So he just heard someone say "hey, they were really good." And he was like, "Okay, I'll sign them."
Yeah, it was all very humble. So the first album, when I hear it now, it just sounds like a bunch of teenagers doing a death metal album to me. There's no finesse to it. Even though my voice was a growly voice then you can still tell it's a kid doing it, I think. I don't even know if it's really our debut album. I feel like our Gothic album represents us as more of a blueprint for where we've gone on from there. The first one I find a bit haphazard. I mean I don't think we play any songs from that album live anyway. I certainly don't have any regrets or anything for what we've done because it all represented something for when it was done. It's like a bookmark of your life. At the same time I still feel Gothic was more like a debut album [laughs]. I even think the demos sound better than the first album if I'm honest, but anyway.
I guess you would say that maybe on Lost Paradise you felt like you were emulating some of your heroes and then Gothic you kind of found who you were.
Yeah, I mean even in the studio we were just messing around. I remember Hammy brought a bottle of Jack Daniels and we'd never had liquor by that time [laughs]. It was like, “What?!” and when you tasted it you were obviously drunk after about three sips because you just weren't used to it. I wouldn't even dream about doing that now [laughs]. It was just so funny at the time because I can completely remember the first recording . It was just really ridiculous like just seeing who could get the most drunk which is just the worst thing to do in the studio. But you know, everyone was doing it. Hammy was doing it so all of us were doing it [laughs]. So yeah, it was not an all together experience while with the second album we thought, "Oh, we’re going to make things a bit more serious on this one," I suppose. So it was definitely a better session than the first one.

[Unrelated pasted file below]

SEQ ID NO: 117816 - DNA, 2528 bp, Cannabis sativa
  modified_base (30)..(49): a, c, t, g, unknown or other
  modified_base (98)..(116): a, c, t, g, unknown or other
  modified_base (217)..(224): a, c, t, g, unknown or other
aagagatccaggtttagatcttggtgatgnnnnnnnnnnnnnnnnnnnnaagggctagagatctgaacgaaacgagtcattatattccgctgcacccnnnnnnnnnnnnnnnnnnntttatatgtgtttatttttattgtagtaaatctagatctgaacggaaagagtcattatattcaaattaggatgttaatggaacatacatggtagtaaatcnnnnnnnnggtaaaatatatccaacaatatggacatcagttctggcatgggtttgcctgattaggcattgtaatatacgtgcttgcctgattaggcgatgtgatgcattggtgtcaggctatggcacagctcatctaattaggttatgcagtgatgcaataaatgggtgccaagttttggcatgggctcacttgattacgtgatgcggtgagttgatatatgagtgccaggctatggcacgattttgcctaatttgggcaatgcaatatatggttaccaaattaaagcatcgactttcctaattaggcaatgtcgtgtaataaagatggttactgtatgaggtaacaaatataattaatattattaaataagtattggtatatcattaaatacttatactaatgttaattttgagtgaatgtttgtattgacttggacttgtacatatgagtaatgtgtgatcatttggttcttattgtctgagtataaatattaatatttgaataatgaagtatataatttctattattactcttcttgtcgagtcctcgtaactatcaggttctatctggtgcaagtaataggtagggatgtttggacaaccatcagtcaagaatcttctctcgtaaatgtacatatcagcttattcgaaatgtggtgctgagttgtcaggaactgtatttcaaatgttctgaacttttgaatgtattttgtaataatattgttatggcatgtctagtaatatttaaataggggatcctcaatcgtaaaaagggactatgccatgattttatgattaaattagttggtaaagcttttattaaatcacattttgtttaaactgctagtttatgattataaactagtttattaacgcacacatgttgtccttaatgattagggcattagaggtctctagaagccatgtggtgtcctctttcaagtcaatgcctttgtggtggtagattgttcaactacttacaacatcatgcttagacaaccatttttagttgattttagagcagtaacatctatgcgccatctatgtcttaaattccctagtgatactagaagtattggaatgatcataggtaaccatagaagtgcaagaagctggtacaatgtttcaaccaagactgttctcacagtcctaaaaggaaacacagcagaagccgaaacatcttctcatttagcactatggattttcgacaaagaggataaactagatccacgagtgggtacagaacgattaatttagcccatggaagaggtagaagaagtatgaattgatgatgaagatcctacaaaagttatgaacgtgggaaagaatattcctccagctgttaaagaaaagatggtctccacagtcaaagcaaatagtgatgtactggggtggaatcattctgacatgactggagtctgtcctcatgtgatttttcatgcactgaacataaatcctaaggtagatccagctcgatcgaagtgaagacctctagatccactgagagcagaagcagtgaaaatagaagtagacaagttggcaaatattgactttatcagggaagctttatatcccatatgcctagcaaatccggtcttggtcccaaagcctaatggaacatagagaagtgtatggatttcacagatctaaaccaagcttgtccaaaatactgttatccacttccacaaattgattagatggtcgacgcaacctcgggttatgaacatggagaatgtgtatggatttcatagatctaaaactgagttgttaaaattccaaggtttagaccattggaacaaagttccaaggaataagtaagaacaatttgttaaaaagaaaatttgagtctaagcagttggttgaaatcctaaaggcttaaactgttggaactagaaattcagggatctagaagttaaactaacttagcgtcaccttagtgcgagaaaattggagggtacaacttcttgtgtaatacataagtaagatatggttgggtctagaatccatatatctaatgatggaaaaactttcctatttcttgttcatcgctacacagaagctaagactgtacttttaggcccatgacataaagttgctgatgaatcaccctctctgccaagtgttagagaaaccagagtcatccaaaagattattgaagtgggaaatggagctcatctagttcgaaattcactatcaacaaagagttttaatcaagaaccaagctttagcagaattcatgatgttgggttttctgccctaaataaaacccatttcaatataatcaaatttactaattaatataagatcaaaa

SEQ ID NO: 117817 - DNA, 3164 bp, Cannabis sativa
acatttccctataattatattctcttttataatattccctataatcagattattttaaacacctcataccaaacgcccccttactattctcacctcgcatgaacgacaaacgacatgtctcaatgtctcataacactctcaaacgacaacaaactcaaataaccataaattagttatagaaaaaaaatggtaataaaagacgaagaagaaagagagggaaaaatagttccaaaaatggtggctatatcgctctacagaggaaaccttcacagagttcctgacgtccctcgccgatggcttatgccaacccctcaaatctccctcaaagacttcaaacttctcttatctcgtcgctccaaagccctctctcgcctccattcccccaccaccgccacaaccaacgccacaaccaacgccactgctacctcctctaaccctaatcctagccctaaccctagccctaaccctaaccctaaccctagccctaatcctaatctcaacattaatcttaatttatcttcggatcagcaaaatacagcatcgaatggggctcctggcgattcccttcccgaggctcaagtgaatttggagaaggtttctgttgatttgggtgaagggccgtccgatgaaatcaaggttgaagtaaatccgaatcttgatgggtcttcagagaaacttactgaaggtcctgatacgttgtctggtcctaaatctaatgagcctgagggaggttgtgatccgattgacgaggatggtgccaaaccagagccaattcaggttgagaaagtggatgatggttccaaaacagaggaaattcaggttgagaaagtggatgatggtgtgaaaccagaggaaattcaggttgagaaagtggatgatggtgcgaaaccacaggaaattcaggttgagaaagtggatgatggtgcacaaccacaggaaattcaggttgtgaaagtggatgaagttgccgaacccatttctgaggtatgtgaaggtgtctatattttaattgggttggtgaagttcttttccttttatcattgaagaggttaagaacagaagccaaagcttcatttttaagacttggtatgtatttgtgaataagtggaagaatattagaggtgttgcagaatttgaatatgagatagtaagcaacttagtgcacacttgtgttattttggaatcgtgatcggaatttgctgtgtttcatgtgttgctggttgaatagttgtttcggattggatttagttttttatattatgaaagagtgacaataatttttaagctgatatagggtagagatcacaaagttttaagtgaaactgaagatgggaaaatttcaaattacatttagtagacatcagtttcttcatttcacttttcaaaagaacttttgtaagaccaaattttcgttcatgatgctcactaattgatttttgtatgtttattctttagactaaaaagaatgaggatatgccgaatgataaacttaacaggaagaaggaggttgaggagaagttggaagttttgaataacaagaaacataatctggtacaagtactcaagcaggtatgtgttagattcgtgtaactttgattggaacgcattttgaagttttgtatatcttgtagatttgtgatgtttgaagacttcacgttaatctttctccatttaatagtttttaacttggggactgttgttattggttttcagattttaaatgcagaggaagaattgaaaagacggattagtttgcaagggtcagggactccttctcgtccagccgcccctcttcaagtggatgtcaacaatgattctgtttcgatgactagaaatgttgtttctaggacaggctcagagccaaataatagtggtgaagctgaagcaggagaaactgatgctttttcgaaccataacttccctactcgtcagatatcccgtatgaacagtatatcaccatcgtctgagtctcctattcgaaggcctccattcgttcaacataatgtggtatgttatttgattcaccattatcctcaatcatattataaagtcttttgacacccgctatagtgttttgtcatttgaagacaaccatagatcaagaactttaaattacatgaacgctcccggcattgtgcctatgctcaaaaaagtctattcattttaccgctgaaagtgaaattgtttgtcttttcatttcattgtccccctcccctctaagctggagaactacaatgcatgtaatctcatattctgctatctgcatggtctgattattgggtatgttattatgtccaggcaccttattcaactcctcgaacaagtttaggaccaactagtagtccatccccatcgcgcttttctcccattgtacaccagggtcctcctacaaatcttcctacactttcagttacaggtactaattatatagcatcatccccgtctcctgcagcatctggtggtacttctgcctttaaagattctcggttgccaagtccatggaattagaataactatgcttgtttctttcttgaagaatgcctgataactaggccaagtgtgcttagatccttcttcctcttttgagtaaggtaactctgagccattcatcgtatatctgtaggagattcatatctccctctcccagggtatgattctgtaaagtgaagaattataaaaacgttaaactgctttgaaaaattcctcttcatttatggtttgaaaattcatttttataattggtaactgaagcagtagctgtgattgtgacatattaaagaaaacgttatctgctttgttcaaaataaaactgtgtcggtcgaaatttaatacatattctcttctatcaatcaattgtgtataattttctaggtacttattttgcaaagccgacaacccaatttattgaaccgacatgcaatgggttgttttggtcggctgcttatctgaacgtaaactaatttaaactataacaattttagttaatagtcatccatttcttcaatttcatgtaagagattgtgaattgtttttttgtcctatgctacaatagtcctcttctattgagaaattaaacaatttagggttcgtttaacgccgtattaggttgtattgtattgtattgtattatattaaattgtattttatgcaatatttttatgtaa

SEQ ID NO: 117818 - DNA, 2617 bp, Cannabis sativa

It's funny you mentioned that with Hammy, because when I interviewed Stainthrope from My Dying Bride earlier in the year for their new album, he brought up Hammy. He mentioned I think when they were recording The Angel and The Dark River. Hammy showed up high as a kite smoking weed in the studio. The whole day got ruined and they just had to kick him out for the next day of recording.
No, with him it was always weed. That's another thing as well. You find out what's your poison when you're younger and weed is not my poison. It took me a few years to establish that. I remember I would have a puff of that and then I'd be like, "Oh my god," and I just felt like shit. Yeah, but I mean Hammy is just completely into that. I don't think he still is but my god, he was seriously into his weed [laughs].
Obsidian releases tomorrow via Nuclear Blast.